What the Iowa Senate Race Can Teach the GA GOP

The following is a Guest post from Colin Martin:

Round 1 of the Georgia Republican Senate Primary is over and we are left with two candidates: Jack Kingston and David Perdue. The run-off election is July 22nd but both campaigns are doing behind-the-scenes work to be ready for the final media push.

Jack Kingston delivered the first big news by earning the endorsement of former rival Karen Handel. Jim Galloway, who is one of three co-writers for the Political Insider blog for the Atlanta Journal-Constitution, had an interesting take in a post last Wednesday. The short version is that Jack Kingston is trying to unite the two big factions of the Republican Party: the “establishment” and the “tea party.”

In Iowa, something similar is happening, even before their primary election to be held tomorrow. State Senator Joni Ernst, a lieutenant colonel in the Iowa National Guard, has won the backing of both of these GOP coalitions. Former Presidential candidate Mitt Romney and former Vice Presidential candidate Sarah Palin have endorsed her.  She has also won the support of the US Chamber of Commerce and the Senate Conservatives Fund, which are usually on opposite sides in Republican primaries.

Make no mistake: Ernst has staked out conservative positions on the issues. However, according to an article in Saturday’s Wall Street Journal (may require a paid subscription), the candidate also touts her ability to reach across party lines in the Democratically-controlled Iowa State Senate to get things done. And, her advertising shows her to be a real person with a sense of humor to whom voters can relate.

So, what can the Georgia Republicans learn from this? Coalitions win elections. While Joni Ernst hasn’t won yet, she holds a significant lead in the polls. By pulling together business interests, party regulars, and tea-party groups, she has left little room for her challenger to build his own alliances.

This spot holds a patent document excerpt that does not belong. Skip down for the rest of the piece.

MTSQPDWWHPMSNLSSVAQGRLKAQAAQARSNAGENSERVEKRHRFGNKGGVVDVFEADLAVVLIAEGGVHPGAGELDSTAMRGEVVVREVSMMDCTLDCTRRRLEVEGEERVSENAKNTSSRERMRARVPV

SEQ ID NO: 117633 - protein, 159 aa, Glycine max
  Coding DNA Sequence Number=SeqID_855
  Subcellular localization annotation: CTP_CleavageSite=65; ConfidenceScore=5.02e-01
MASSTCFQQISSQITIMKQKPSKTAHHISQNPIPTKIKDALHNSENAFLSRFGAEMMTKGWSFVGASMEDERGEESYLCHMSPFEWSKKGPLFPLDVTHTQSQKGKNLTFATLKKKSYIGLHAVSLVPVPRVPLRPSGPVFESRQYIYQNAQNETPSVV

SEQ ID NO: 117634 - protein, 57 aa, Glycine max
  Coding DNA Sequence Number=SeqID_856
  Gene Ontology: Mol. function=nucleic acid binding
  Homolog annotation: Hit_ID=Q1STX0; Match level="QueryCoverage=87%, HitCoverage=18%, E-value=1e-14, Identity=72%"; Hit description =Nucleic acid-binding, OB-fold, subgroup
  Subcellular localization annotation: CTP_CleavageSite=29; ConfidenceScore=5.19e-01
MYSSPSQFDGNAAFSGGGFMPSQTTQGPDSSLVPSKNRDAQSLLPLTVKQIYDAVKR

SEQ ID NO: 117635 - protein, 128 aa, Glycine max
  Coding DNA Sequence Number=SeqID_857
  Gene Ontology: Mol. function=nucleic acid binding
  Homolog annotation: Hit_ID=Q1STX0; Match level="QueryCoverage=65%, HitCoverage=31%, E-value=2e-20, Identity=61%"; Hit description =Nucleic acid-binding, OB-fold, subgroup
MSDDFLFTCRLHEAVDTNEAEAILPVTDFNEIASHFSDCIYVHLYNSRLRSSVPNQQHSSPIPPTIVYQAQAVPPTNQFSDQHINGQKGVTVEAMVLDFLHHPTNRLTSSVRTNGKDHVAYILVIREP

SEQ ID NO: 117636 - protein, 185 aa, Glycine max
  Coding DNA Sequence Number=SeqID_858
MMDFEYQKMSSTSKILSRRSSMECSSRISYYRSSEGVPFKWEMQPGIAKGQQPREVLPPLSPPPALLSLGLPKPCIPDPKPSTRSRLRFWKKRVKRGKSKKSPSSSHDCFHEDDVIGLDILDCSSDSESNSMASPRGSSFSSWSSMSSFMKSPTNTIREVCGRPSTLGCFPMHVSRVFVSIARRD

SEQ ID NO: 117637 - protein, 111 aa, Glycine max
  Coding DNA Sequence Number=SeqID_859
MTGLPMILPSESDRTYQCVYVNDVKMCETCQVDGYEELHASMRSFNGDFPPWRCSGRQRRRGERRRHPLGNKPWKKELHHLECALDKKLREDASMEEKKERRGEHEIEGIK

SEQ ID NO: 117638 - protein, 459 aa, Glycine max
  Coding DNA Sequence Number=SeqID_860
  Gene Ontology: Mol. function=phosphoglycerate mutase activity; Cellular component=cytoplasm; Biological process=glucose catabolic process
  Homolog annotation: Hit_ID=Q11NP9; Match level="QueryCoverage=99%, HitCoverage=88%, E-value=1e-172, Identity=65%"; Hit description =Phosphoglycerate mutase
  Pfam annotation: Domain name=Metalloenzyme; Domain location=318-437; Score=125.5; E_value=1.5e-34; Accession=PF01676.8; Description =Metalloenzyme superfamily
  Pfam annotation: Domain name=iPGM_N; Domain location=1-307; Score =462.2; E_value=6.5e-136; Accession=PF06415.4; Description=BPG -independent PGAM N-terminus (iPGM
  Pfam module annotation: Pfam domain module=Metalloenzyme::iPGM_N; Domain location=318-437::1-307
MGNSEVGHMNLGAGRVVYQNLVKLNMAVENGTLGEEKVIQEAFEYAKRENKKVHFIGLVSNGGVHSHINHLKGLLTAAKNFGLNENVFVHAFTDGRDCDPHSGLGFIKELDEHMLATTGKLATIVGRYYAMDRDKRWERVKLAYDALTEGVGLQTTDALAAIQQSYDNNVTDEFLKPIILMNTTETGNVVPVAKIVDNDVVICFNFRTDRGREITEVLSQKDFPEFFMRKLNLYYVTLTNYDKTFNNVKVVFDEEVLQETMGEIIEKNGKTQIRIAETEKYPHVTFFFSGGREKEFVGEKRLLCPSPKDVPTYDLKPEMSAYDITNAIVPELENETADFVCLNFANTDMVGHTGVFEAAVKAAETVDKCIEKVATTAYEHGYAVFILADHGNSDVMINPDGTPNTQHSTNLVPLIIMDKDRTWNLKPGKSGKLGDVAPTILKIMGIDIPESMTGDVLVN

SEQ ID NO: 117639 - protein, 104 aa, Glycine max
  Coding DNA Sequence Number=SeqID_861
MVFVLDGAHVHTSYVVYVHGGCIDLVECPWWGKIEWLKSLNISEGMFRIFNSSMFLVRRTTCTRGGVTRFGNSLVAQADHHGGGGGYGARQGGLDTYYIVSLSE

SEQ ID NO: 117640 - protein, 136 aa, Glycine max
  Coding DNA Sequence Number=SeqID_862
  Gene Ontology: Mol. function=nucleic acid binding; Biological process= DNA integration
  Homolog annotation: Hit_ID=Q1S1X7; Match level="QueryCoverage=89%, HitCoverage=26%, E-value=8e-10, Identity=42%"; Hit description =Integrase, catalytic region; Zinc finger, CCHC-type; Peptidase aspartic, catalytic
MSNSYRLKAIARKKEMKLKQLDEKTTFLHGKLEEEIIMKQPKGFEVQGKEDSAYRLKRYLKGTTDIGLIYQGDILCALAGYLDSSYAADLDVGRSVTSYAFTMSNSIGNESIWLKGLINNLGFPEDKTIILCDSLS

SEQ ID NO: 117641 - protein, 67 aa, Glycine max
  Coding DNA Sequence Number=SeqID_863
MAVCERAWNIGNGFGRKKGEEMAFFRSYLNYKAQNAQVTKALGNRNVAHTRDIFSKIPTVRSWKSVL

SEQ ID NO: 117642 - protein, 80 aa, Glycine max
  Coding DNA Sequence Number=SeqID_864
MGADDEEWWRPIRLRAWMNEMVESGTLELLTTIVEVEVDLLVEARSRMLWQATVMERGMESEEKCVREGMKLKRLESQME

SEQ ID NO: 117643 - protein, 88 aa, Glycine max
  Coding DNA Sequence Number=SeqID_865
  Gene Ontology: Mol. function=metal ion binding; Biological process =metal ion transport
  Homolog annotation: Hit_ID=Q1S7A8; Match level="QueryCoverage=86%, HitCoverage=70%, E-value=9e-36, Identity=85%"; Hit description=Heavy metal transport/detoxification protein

This might seem obvious to many people. However, in the last several years, the various conservative factions of the Georgia Republican Party seem intent on imposing purity tests on the party as a whole. Those who are not 100% in agreement with whichever group are deemed RINOs (Republicans In Name Only). This is not a recipe for success.

Forming coalitions does not mean compromising the basic philosophical tenets of the party for the sake of electoral success. Joni Ernst is certainly not doing that. However, winning elections is built on convincing the majority to vote for a candidate. That means candidates must attract people with competing interests and views but who share the basic values of low taxes, limited government, local control, and free markets.

Jack Kingston seems to have learned this lesson. Will other GOP candidates follow his leadership? – See more at: http://colinmartin.com/what-the-iowa-senate-race-can-teach-the-ga-gop/#sthash.LPKIRpfN.dpuf


    • Salmo says:

      I hired a builder to build me a house. I asked for three bedrooms, two bathrooms, a kitchen, and a living room. I got all of those, but he put on a really crappy-looking door and painted the house the wrong color, so I burned it down instead and went to live in a trailer.

  1. Lawton Sack says:

    And that is the best political analogy I have heard in a long time. I need to put that on business cards and hand them out when people say they are going to vote for someone who shares 5% of their values instead of someone that shares 80%.

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